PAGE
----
Cieslak (2004) the original factorial analysis model was inadequate. After
further development, studies have demonstrated the good factor structure of the
model (Cieslak et al., 2005).
Applied in Practice
Dr. Bimper (2014) conducted a study
using AIMS to explore the relationship between black male student-athletes
their athletic identity and the effect it has on learning outcomes and their
GPA’s. The participants came from 7 major
Division I colleges and universities and played football. Bimper (2014) administered
the self-reported questionnaires to over 250 athletes in 4 distinct parts of
the country measuring their racial identity as well as their athletic
identities. Participant scores on items
of the AIMS revealed that the student athletes identified heavily with
their athlete roles (Bimper, 2014).
Bimper (2014) also found a negative
correlation between higher levels of athletic identity and lower grade point
averages. Racial identity on the other
hand did not indicate any effects on GPA.
These results supported previous studies in that those with higher
athletic identities lead to a singular identity and lack of development as a student.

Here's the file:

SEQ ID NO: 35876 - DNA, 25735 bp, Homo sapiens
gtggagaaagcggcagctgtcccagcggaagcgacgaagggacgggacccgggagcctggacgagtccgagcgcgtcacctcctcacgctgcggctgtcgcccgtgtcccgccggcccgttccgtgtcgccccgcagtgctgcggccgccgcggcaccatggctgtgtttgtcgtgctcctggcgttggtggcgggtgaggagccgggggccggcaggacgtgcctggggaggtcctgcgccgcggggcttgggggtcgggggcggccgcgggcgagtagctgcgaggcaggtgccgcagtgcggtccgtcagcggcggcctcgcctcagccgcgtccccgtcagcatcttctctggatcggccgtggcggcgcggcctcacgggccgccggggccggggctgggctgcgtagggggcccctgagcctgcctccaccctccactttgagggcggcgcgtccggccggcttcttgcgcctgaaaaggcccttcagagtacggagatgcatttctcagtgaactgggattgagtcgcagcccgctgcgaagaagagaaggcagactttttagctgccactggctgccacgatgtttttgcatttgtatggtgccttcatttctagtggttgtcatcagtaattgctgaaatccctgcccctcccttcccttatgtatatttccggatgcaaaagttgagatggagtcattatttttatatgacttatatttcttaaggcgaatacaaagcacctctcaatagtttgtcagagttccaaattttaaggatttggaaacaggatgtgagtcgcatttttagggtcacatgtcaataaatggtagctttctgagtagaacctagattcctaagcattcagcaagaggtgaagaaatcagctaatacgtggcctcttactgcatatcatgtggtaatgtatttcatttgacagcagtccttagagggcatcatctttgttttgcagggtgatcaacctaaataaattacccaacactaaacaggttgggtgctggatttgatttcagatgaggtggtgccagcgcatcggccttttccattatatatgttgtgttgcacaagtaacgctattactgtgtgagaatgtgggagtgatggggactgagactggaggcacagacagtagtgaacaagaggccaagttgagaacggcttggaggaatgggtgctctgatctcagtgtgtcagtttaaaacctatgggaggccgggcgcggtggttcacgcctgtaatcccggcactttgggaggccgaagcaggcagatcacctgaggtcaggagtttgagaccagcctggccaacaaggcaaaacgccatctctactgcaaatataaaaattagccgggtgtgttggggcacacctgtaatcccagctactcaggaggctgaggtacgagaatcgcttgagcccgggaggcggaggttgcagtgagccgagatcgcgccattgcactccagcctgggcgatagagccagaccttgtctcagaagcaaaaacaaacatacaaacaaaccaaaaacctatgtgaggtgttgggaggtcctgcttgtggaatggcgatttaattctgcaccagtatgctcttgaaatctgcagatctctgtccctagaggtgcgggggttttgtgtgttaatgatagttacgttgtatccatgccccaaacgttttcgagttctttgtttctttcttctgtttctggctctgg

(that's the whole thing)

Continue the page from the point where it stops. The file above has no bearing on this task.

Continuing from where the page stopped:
Dr. Louis Harrison et. Al (2014) also
conducted research using AIMS. Their study consisted of nearly 300 male
student athletes between the ages of 8-18 who attended a basketball camp at a
local college in the southeast. During
registration the participants were given a survey that consisted of questions
that identified demographic information, the AIMS, and a scale that measured
academic self-concept (Harrison, et. Al, 2014).
The analysis of the AIMS and academic
self-concept survey revealed that the African American group of students had a higher
academic self-concept than other minority groups while no differences were
found between African American and White groups. Harrison et. Al (2014) also found
that other minority groups had significant lower academic self-concept scores
than both African American and White groups.
This study was unique in that the results of this contrast previous